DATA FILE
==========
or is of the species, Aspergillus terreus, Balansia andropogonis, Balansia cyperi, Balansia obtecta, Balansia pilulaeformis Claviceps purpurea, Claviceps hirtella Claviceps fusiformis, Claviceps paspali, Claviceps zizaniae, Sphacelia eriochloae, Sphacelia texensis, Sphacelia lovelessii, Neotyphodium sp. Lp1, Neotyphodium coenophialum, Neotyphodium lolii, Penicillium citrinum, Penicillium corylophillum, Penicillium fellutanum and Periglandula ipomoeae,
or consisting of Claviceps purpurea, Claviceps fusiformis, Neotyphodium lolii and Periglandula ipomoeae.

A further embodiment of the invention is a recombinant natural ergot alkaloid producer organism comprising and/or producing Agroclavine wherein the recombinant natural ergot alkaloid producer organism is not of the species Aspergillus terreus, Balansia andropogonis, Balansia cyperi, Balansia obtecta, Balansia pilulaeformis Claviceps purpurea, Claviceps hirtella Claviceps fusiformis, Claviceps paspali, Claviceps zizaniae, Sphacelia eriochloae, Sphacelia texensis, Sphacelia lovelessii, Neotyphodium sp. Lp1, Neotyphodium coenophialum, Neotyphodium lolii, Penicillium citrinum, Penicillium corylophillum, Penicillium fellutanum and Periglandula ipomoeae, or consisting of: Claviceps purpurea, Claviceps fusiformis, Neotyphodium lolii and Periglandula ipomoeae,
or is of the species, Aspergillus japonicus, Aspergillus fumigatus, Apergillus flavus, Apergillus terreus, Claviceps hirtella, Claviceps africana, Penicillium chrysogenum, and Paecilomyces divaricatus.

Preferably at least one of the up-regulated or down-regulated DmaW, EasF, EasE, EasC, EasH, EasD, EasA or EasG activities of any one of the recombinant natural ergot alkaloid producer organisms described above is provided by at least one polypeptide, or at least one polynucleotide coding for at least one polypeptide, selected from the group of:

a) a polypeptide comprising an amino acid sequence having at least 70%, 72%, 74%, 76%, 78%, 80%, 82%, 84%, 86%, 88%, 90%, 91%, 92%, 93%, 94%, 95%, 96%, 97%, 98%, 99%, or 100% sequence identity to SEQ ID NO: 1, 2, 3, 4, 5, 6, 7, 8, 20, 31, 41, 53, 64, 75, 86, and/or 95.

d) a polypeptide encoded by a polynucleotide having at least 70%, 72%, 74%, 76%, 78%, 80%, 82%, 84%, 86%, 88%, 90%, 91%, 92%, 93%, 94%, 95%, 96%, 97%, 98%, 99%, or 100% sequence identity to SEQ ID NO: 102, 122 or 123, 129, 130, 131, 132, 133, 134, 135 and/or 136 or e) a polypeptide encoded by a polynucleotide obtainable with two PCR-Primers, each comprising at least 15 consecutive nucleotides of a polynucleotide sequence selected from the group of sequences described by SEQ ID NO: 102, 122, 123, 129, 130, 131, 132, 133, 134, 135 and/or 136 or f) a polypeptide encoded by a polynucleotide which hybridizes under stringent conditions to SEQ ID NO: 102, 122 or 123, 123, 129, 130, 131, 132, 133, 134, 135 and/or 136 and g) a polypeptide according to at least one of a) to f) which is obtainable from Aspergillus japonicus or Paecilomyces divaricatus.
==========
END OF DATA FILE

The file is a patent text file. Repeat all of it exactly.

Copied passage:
or is of the species, Aspergillus terreus, Balansia andropogonis, Balansia cyperi, Balansia obtecta, Balansia pilulaeformis Claviceps purpurea, Claviceps hirtella Claviceps fusiformis, Claviceps paspali, Claviceps zizaniae, Sphacelia eriochloae, Sphacelia texensis, Sphacelia lovelessii, Neotyphodium sp. Lp1, Neotyphodium coenophialum, Neotyphodium lolii, Penicillium citrinum, Penicillium corylophillum, Penicillium fellutanum and Periglandula ipomoeae,
or consisting of Claviceps purpurea, Claviceps fusiformis, Neotyphodium lolii and Periglandula ipomoeae.

A further embodiment of the invention is a recombinant natural ergot alkaloid producer organism comprising and/or producing Agroclavine wherein the recombinant natural ergot alkaloid producer organism is not of the species Aspergillus terreus, Balansia andropogonis, Balansia cyperi, Balansia obtecta, Balansia pilulaeformis Claviceps purpurea, Claviceps hirtella Claviceps fusiformis, Claviceps paspali, Claviceps zizaniae, Sphacelia eriochloae, Sphacelia texensis, Sphacelia lovelessii, Neotyphodium sp. Lp1, Neotyphodium coenophialum, Neotyphodium lolii, Penicillium citrinum, Penicillium corylophillum, Penicillium fellutanum and Periglandula ipomoeae, or consisting of: Claviceps purpurea, Claviceps fusiformis, Neotyphodium lolii and Periglandula ipomoeae,
or is of the species, Aspergillus japonicus, Aspergillus fumigatus, Apergillus flavus, Apergillus terreus, Claviceps hirtella, Claviceps africana, Penicillium chrysogenum, and Paecilomyces divaricatus.

Preferably at least one of the up-regulated or down-regulated DmaW, EasF, EasE, EasC, EasH, EasD, EasA or EasG activities of any one of the recombinant natural ergot alkaloid producer organisms described above is provided by at least one polypeptide, or at least one polynucleotide coding for at least one polypeptide, selected from the group of:

a) a polypeptide comprising an amino acid sequence having at least 70%, 72%, 74%, 76%, 78%, 80%, 82%, 84%, 86%, 88%, 90%, 91%, 92%, 93%, 94%, 95%, 96%, 97%, 98%, 99%, or 100% sequence identity to SEQ ID NO: 1, 2, 3, 4, 5, 6, 7, 8, 20, 31, 41, 53, 64, 75, 86, and/or 95.

d) a polypeptide encoded by a polynucleotide having at least 70%, 72%, 74%, 76%, 78%, 80%, 82%, 84%, 86%, 88%, 90%, 91%, 92%, 93%, 94%, 95%, 96%, 97%, 98%, 99%, or 100% sequence identity to SEQ ID NO: 102, 122 or 123, 129, 130, 131, 132, 133, 134, 135 and/or 136 or e) a polypeptide encoded by a polynucleotide obtainable with two PCR-Primers, each comprising at least 15 consecutive nucleotides of a polynucleotide sequence selected from the group of sequences described by SEQ ID NO: 102, 122, 123, 129, 130, 131, 132, 133, 134, 135 and/or 136 or f) a polypeptide encoded by a polynucleotide which hybridizes under stringent conditions to SEQ ID NO: 102, 122 or 123, 123, 129, 130, 131, 132, 133, 134, 135 and/or 136 and g) a polypeptide according to at least one of a) to f) which is obtainable from Aspergillus japonicus or Paecilomyces divaricatus.